I can bang my metal senseless and take out frustrations and anxieties. I am noise . . . and noise is me. It is chaos but it is also comfort. It is all purpose, and then again it is random and continuous. It is everything all at once . . . and it is really nothing at all. To be the master of the overviolence is all the respite an artist can hope to achieve. While listening to Macronympha at loud volumes I guarantee you won't fall asleep or be bored or ambivalent. Come into my world - but don't stay too long. I could care less if anyone out there actually likes our stuff. We do this for our own selves, and I personally like distance between myself and much outside socializing. If I wasn't a noisician and if I didn't get high regularly, I'd be far too morbid and relentless - and wouldn't be someone anyone would enjoy being around for too long.

Someday I'd like to ultimately merge some of this soundscape-vision into a dual reality by composing noise backgrounds for film projects. If anyone out there has a feature or anything longer than ten (10) minutes to score or do a soundtrack for, please e-mail this account. Not just CMU students either. I want other driven and deranged people to send me ideas for what they want done with noise as music for their movies, plays, or performance/installation pieces.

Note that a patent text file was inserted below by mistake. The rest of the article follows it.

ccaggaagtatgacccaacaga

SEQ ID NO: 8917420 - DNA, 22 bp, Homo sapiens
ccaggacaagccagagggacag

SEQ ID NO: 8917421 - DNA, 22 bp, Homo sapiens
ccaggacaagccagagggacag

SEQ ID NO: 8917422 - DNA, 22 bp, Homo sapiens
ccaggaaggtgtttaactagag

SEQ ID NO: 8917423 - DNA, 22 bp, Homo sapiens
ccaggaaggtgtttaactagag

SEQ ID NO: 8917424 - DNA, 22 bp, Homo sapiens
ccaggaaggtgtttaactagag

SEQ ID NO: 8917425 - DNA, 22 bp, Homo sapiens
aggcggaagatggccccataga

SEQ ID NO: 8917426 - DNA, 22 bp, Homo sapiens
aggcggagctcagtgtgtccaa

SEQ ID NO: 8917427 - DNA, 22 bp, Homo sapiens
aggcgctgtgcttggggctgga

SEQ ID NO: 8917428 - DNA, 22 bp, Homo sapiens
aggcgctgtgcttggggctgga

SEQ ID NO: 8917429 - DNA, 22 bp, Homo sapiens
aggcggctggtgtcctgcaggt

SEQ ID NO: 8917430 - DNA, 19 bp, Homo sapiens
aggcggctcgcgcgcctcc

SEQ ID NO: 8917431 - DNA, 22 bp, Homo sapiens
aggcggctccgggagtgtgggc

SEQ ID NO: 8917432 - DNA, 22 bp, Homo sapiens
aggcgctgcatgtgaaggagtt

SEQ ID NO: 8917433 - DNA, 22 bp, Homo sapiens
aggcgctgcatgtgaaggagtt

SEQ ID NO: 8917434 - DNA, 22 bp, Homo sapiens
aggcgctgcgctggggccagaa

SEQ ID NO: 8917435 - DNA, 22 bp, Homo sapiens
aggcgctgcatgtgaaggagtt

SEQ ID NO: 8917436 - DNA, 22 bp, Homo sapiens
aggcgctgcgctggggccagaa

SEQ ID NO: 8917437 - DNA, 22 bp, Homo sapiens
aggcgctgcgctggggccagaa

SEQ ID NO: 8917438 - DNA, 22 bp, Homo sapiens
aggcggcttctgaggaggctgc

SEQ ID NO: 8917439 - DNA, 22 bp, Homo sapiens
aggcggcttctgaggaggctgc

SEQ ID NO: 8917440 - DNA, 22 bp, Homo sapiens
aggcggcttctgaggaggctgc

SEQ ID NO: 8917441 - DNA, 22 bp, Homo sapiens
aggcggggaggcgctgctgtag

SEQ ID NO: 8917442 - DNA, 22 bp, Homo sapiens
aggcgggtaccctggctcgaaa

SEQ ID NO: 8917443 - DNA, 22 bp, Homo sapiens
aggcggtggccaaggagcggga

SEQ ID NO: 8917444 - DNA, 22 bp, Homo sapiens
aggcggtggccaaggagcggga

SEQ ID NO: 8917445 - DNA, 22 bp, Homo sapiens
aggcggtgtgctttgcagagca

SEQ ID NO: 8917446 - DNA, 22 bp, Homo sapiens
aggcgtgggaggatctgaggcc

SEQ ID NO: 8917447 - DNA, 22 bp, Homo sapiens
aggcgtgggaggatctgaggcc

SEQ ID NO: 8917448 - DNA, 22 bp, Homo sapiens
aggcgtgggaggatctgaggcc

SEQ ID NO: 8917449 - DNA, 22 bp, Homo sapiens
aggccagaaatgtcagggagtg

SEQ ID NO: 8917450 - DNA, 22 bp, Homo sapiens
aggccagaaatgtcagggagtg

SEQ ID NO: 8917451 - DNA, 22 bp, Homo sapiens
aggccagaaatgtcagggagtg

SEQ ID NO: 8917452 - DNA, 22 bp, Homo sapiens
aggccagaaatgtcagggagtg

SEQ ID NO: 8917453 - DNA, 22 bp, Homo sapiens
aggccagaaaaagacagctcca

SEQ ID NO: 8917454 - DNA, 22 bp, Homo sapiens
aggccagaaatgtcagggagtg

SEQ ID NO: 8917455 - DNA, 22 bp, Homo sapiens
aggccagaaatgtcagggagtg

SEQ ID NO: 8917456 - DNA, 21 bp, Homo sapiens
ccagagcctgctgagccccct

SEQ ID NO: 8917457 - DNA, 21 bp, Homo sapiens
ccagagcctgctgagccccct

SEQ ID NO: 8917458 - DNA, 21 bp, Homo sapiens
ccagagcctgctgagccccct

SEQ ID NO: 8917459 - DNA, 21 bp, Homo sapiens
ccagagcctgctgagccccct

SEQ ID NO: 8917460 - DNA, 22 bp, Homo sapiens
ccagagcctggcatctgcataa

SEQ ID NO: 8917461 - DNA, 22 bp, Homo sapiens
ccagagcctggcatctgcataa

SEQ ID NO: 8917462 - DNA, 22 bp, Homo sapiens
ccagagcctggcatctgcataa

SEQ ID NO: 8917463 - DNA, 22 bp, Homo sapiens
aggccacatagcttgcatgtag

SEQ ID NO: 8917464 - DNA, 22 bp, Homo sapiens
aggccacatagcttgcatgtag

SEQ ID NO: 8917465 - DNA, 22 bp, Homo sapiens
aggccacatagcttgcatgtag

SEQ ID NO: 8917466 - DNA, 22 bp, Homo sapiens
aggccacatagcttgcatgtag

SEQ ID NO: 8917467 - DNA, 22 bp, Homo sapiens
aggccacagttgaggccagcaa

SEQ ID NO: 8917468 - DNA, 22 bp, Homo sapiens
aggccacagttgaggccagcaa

Much of what is truly excellent in the realm of recorded noise today are in fact collaboration projects with many contributors. Still though most noiseheads are solo individuals who see their own vacant sound canvas with unique and exclusive eyes that ultimately make some kind of a mental picture. When I listen to Merzbow, I close my eyes and see images intended, and images never imagined. The appreciation (or hatred) of noise is purely an individual relationship, based on one's own taste.

Joseph Roemer of Macronympha

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2 Comments:

Blogger Miguel Rodriguez said...

http://theunrelentingmemory.blogspot.com/

yes merzbow is good. as is mike patton. i wonder if you share any of the same feelings for any other sound artists?. Cage or Russolo?

1:58 PM  
Blogger Alana said...

I recently came across your blog and have been reading along. I thought I would leave my first comment. I dont know what to say except that I have enjoyed reading. Nice blog. I will keep visiting this blog very often.


Margaret

http://guitarlearntoplay.net

8:54 PM